“We thank our farmers for stepping up to donate fresh produce to our food banks,” said Newsom.
The Western Growers Association thanked Newsom and CDFA Secretary Karen Ross for boosting the program, noting how hard the shuttering of restaurants, hotels and other venues has hit farmers. WGA members have “more than doubled” donations of fruit and vegetables during the last two months, according to WGA President Dave Puglia.
The COVID impact to specialty crop producers is an estimated $5 billion.
Ross has also been working with Foster Farms, Grimmway Farms, the California Rice Commission, Sunkist, the National Dairy Association and others. The program has expanded by more than 200 participating farms, in addition to the previous 128.
Remember: Kat Taylor is the hedge fund billionaire and wife of former presidential candidate Tom Steyer. Along with her philanthropy, Taylor often advocates for organic agriculture and has worked closely with First Partner Jennifer Siebel Newsom on reforming school nutrition programs. Steyer, meanwhile, is chairing the governor’s economic task force.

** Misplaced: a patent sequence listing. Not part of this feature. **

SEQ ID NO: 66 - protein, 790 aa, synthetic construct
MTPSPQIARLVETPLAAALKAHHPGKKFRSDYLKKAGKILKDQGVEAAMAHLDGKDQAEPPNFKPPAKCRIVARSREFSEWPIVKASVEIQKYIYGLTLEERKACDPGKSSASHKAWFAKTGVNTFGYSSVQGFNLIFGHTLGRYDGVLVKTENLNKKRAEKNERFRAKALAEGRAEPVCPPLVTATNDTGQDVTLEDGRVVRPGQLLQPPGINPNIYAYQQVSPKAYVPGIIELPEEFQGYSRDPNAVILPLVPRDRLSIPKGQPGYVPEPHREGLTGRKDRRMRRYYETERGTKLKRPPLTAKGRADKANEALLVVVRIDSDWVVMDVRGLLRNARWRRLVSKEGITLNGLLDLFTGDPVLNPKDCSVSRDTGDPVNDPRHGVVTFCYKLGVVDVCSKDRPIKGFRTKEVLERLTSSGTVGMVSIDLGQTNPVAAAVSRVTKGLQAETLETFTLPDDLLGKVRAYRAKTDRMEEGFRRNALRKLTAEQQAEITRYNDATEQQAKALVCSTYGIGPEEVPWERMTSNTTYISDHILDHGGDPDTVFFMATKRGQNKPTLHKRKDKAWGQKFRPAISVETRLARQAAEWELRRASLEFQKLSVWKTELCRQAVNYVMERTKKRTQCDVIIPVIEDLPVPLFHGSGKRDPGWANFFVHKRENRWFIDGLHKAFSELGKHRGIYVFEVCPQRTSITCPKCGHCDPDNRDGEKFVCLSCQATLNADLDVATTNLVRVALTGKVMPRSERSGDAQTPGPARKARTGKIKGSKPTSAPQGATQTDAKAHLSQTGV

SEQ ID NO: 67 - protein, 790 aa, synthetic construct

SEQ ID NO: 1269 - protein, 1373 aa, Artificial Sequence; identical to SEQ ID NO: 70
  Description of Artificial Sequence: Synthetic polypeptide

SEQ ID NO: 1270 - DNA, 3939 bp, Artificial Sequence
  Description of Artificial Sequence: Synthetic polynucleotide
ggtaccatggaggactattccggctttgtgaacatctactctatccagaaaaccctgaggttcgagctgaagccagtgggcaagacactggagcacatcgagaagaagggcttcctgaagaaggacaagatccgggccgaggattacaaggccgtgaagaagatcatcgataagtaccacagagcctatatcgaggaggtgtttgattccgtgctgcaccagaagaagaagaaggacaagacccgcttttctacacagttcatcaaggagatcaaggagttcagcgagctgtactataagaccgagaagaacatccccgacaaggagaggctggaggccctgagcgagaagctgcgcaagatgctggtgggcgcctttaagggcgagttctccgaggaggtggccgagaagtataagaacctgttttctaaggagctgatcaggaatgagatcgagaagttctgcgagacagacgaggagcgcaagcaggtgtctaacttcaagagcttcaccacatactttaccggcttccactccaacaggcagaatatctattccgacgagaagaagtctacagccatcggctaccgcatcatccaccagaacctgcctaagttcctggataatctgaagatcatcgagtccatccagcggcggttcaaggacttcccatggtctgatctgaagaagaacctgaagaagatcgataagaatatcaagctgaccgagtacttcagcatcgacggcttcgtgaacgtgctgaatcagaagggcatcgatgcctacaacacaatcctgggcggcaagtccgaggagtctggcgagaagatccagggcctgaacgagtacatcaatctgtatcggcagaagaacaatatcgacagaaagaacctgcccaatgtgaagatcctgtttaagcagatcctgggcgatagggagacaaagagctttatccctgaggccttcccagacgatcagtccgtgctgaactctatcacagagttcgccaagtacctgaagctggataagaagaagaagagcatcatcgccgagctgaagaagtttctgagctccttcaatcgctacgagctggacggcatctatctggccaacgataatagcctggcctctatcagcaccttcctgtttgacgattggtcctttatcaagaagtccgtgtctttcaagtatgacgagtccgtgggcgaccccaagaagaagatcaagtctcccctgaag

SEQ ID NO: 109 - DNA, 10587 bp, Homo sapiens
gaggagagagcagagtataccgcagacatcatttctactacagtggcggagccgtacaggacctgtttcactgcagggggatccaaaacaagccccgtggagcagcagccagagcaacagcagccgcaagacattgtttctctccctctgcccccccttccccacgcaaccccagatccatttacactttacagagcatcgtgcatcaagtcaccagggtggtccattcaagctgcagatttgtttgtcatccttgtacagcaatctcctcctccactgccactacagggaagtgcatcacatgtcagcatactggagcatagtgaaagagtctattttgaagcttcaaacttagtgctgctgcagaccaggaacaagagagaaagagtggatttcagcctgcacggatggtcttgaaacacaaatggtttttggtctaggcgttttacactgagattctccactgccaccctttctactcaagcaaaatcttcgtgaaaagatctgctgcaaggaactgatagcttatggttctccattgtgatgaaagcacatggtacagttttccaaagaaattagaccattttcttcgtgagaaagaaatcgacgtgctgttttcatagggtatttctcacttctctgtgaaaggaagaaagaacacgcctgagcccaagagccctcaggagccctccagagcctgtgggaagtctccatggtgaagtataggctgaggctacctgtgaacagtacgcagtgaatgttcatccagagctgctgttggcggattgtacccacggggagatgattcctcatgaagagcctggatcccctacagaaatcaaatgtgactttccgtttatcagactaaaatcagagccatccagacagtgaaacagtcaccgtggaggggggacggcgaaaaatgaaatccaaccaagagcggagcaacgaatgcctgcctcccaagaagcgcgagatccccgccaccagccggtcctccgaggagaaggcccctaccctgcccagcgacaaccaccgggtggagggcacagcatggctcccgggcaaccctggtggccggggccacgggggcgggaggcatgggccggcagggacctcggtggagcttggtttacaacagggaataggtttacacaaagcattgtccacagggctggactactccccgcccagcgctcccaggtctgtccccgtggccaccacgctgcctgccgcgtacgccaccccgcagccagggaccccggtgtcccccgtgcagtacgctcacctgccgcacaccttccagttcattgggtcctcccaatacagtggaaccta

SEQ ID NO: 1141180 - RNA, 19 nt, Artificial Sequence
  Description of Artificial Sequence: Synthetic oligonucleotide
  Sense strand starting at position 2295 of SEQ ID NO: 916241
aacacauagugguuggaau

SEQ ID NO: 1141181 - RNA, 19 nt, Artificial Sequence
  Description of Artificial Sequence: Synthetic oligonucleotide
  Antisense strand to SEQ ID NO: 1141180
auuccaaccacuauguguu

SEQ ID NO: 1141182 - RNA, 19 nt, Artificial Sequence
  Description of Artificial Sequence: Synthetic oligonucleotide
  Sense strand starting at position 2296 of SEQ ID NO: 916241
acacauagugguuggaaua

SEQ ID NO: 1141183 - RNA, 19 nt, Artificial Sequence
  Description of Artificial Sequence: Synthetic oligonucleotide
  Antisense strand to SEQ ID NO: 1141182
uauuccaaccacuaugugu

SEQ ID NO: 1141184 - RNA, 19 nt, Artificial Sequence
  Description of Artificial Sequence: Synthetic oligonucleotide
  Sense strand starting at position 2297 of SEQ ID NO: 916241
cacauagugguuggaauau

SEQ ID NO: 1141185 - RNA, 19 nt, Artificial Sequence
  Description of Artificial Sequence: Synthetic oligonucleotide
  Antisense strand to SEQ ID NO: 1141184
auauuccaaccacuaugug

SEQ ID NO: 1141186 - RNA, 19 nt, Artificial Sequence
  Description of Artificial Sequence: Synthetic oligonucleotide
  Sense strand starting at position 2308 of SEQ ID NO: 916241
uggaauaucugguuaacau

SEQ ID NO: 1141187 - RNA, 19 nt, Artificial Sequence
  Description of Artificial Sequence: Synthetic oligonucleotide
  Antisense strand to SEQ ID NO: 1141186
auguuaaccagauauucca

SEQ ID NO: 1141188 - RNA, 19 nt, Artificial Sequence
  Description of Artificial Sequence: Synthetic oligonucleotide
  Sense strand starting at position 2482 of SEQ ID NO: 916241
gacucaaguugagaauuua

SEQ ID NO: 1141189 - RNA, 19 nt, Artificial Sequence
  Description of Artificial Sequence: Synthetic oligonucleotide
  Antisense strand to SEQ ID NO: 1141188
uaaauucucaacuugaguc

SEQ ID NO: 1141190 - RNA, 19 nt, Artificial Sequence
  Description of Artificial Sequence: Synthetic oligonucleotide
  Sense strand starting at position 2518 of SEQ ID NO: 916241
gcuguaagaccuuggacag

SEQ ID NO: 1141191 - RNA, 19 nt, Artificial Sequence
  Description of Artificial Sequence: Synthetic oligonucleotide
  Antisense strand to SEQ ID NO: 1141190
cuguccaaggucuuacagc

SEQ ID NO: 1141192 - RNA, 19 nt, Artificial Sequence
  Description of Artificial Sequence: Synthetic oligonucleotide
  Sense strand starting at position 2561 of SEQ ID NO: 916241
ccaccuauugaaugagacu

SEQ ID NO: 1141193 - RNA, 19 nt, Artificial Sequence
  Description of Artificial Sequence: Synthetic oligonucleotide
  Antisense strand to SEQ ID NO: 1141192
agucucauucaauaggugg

On the note of PPE, Newsom said the state received nearly three million surgical masks this week, part of which will be going to farmworkers and other essential employees.
The administration also secured a USDA waiver allowing CalFresh to allocate maximum benefits to recipients throughout May.
CDFA Sec. Ross
AND IN NATIONAL NEWS…
USDA flexes new authority
USDA is using its authority under President Donald Trump’s new executive order to require meat processors to prove that they are taking proper steps to curb coronavirus outbreaks.
In a statement to Agri-Pulse Wednesday evening, USDA said companies will have to “provide written documentation of mitigation plans for review” by a USDA-led team that will include representatives of the Labor Department and the CDC.
The officials will “swiftly review” the documentation provided with the state and local authorities to resume and/or ensure continuity of operations at these critical facilities.”